Person 1: “Never mind you don’t listen, I’ll handle it.”

As person 1 storms away, they can’t help but wonder if they should have repeated themselves. The last time they tried, the conversation went nowhere. Person 2 is then left wondering why they feel they’re never enough; even while working overtime to afford a family get-away.

Effective Communication: Reduce Misunderstandings and Improve Active Full Listening Skills

Step 1: Get Set Up

Your objective will be to find a time that both you and your partner can set all other obligations aside and focus on the problem at hand. 

Step 2: Get in the Right Frame of Mind

Draw two white cards that speak to you and one white card that is a challenge for you. Take turns explaining to your partner why you chose those three cards. Next take turns explaining your perspective on the chosen issue.

Person 1:“I chose the card ‘breathe’ because the fact that I feel you don’t listen to me causes me to be extremely annoyed, and I want to feel more grounded. I chose ‘stay in the present moment’ because I want to find a solution here and now. And I picked ‘laugh at yourself’ because I believe it is one of the key traits we share that makes this relationship work, but I tend to be a serious person when it comes to disagreements so that’s harder for me.

Person 2: “I chose ‘find courage’ because I typically avoid this topic instead of explaining my reasoning. I picked ‘express tenderness’ because I want you to know I really do care. I chose ‘discover something new about each other’ because I want to understand how you feel but we’ve known each other for so long I sometimes go on autopilot.

Person 1: “I feel like I have to repeat little things over and over again, and you zone out what I say. We’re not on the same page when it comes to planning our schedules.”

Person 2: “For me, I think it’s more often the case that you are speaking to me when I am busy with something else or my mind is trying to solve an important problem regarding my work.”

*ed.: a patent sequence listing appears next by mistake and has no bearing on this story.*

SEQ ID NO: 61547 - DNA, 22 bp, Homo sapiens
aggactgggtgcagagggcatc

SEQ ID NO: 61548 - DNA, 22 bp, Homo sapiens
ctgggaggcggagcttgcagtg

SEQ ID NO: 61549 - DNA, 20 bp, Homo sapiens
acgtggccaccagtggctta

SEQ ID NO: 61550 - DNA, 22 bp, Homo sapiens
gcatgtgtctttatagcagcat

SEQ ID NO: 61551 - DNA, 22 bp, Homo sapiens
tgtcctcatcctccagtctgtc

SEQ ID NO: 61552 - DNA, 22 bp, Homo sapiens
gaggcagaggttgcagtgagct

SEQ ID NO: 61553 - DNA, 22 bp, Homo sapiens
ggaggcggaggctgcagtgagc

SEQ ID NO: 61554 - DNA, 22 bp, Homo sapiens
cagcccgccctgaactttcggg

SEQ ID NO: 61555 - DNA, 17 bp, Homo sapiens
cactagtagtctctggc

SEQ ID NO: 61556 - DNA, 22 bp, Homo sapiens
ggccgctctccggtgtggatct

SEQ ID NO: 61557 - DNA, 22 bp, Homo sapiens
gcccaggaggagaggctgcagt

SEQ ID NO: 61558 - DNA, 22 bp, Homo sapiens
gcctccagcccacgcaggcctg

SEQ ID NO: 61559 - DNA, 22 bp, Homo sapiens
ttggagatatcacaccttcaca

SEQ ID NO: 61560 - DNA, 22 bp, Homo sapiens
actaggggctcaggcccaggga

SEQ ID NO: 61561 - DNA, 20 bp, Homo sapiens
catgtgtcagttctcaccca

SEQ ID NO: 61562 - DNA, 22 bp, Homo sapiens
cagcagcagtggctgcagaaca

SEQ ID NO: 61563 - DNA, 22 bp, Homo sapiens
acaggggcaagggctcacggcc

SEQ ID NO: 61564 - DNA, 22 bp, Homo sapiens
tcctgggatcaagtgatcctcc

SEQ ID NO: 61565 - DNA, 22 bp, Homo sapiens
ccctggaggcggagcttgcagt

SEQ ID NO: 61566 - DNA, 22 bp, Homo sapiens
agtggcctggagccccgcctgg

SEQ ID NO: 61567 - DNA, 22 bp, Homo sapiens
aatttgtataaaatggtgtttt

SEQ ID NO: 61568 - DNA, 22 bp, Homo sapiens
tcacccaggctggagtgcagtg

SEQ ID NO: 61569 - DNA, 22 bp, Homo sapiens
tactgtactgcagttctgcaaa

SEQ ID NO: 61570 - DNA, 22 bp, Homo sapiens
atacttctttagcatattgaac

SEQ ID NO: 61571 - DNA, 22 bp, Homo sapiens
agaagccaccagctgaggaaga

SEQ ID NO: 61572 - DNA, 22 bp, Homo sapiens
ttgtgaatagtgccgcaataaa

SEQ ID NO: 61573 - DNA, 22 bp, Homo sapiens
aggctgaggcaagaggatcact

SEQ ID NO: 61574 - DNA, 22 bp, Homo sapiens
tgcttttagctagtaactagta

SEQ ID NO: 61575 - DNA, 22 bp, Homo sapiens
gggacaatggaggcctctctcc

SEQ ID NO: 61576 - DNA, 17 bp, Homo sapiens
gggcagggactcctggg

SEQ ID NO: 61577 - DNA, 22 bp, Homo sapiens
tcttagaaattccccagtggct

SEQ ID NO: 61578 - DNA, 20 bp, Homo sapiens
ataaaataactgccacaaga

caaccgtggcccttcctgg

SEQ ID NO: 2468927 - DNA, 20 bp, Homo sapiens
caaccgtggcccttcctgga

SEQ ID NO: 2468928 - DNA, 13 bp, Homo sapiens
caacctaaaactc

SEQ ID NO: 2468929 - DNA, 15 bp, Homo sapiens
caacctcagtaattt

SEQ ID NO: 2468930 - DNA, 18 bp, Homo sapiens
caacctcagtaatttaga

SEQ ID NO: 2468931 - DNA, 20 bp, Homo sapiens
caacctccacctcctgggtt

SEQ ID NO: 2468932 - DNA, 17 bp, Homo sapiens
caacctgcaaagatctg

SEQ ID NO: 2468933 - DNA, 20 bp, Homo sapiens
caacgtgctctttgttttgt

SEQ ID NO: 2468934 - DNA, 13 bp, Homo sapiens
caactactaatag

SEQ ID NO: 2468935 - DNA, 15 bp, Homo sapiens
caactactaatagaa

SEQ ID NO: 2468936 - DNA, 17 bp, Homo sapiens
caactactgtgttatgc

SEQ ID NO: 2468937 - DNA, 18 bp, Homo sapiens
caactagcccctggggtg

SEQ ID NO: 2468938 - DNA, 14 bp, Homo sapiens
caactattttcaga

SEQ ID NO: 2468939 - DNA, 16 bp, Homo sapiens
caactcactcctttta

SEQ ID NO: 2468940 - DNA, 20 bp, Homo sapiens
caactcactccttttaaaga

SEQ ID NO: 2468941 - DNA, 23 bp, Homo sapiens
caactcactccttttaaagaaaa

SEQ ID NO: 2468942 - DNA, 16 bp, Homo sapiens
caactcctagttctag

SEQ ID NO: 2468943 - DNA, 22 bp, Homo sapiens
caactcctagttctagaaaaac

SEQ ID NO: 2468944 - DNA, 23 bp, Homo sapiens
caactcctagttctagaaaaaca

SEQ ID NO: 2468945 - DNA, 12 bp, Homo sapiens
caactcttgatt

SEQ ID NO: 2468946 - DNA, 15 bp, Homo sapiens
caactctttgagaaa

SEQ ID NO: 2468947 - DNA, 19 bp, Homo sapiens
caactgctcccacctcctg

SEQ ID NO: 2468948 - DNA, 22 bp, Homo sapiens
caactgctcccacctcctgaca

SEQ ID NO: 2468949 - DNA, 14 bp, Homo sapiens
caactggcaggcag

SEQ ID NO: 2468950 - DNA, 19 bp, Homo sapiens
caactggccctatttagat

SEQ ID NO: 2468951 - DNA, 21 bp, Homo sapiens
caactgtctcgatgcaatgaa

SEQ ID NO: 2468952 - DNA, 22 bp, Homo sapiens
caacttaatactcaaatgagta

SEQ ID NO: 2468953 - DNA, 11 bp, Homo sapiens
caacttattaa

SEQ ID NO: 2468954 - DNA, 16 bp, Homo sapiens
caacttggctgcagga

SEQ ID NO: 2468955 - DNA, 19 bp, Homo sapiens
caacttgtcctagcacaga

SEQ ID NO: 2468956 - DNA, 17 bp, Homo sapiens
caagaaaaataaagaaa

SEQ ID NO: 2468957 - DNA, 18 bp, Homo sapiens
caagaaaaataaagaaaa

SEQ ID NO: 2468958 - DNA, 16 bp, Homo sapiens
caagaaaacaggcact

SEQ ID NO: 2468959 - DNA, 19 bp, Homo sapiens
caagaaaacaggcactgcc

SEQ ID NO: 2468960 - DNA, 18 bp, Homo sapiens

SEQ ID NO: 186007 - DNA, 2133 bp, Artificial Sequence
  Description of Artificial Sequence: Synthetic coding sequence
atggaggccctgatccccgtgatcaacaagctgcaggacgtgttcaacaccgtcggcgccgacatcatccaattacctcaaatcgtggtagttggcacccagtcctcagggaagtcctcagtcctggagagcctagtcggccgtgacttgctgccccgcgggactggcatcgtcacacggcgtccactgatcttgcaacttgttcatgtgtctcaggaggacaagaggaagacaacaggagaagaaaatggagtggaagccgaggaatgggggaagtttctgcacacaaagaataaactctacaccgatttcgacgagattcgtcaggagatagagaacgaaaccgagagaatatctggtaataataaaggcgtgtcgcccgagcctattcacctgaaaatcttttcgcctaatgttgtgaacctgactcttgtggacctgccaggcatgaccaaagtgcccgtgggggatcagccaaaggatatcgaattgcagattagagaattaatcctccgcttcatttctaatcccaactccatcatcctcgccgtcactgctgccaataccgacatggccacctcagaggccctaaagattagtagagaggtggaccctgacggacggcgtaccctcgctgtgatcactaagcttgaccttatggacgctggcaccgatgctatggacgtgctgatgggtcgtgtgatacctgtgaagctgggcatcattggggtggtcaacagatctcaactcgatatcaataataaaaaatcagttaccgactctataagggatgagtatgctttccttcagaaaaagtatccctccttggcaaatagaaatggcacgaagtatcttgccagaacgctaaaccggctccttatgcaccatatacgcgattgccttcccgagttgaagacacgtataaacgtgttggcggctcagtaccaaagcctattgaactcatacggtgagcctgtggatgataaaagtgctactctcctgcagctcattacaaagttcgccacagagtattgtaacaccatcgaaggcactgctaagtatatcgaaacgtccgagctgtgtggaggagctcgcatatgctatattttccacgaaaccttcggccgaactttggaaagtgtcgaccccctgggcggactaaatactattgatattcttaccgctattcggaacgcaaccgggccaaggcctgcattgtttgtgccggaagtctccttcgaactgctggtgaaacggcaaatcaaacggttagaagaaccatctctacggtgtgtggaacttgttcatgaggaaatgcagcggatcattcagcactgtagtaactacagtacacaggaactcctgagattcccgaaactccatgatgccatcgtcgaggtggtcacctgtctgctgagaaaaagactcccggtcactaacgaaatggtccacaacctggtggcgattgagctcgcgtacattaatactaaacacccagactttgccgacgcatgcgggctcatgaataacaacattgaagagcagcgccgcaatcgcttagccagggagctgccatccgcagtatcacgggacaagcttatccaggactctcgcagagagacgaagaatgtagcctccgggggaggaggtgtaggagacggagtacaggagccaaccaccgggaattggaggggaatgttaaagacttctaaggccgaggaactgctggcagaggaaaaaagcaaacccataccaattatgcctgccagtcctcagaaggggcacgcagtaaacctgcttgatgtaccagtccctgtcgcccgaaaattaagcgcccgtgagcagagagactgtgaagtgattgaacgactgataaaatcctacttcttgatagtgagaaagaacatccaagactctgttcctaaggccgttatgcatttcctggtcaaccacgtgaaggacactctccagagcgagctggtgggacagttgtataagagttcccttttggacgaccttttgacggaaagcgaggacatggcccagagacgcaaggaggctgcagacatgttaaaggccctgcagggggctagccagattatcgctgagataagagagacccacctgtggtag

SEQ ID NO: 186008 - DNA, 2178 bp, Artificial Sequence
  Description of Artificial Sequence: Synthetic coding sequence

Step 3: Find Common Ground

Identify at least one point you both agree on.

Person 1: “I know you want to be attentive, but it feels like you’re having trouble being present with me. Is there something going on for you?”

Person 2: “I agree. Right now, there is a lot at work that needs to be taken care of and it’s taking a toll on my stress and focus abilities. I wish you could see that. I would like to feel supported when it comes to work obligations.”

Step 4: Bridge Differences

On points where you disagree ask each other why you feel or believe that.

Person 1: “I do support how hard you work. Why do you feel that I don’t? What would help you feel more supported so that you are able to give me more of your attention when we are together?”

Person 2: “Thank you. I know I can overwork myself when I’m not prioritizing all aspects of my life. I do need your help in staying attentive to my surroundings and in understanding when work has to be taken home.”

Step 5: Talk About What’s Left Unsaid

Talk about topics that have been overlooked or avoided.

Person 1: “I was taking it more personally than I should have. I sometimes feel like I’ve lost my ability to catch your attention and it hurts.  I want to be included in what you are doing at work.”

Person 2: “I never want you to feel like you are being taken for granted. You are my first priority. Right now, my attention may be divided due to demands at work, but that doesn’t mean I’ve taken you for granted.  I’d be happy to show you what I’ve been working on so you can feel more included.”

Step 6: Make A Plan

Identify what each of you have learned and identify a few behaviors to change in the upcoming weeks. Write them down on a small notebook and use them to track progress in a few weeks.

Action Plan:

  • Help each other be grounded in the present moment by cutting out distractions
  • Carve out time, if necessary, to give each other undivided attention
    • Plan at least 30 minutes every day to discuss what you’ve been working on, reading or at a minimum watch a show together
  • Share your state of mind whether at the office or at home
    • I’ve had a stressful day and still have a presentation to finalize. Do you mind if we connect before bed?”
  • Show attentiveness and appreciation. Even in little ways.

Listening and Communicating with Conscious Intent

There is always more to learn about your partner as well as new experiences to be had. Don’t hold in feelings because you are afraid of upsetting each other or don’t want to come off as a nuisance.

Communication is the most powerful, (yet untapped) human tool we possess. With practice and intention, we can start using our words to evolve our relationships and give us the connection and fulfilment we long for. 

Turning Intentions Into Action

If you’re reading this now, a big warm congratulations to you!  Not only did you grit through a year where the world was flipped on its head, you’re taking time to read a blog centered around conversation, mental health and relationships. Thus, your intentions are set in the right place.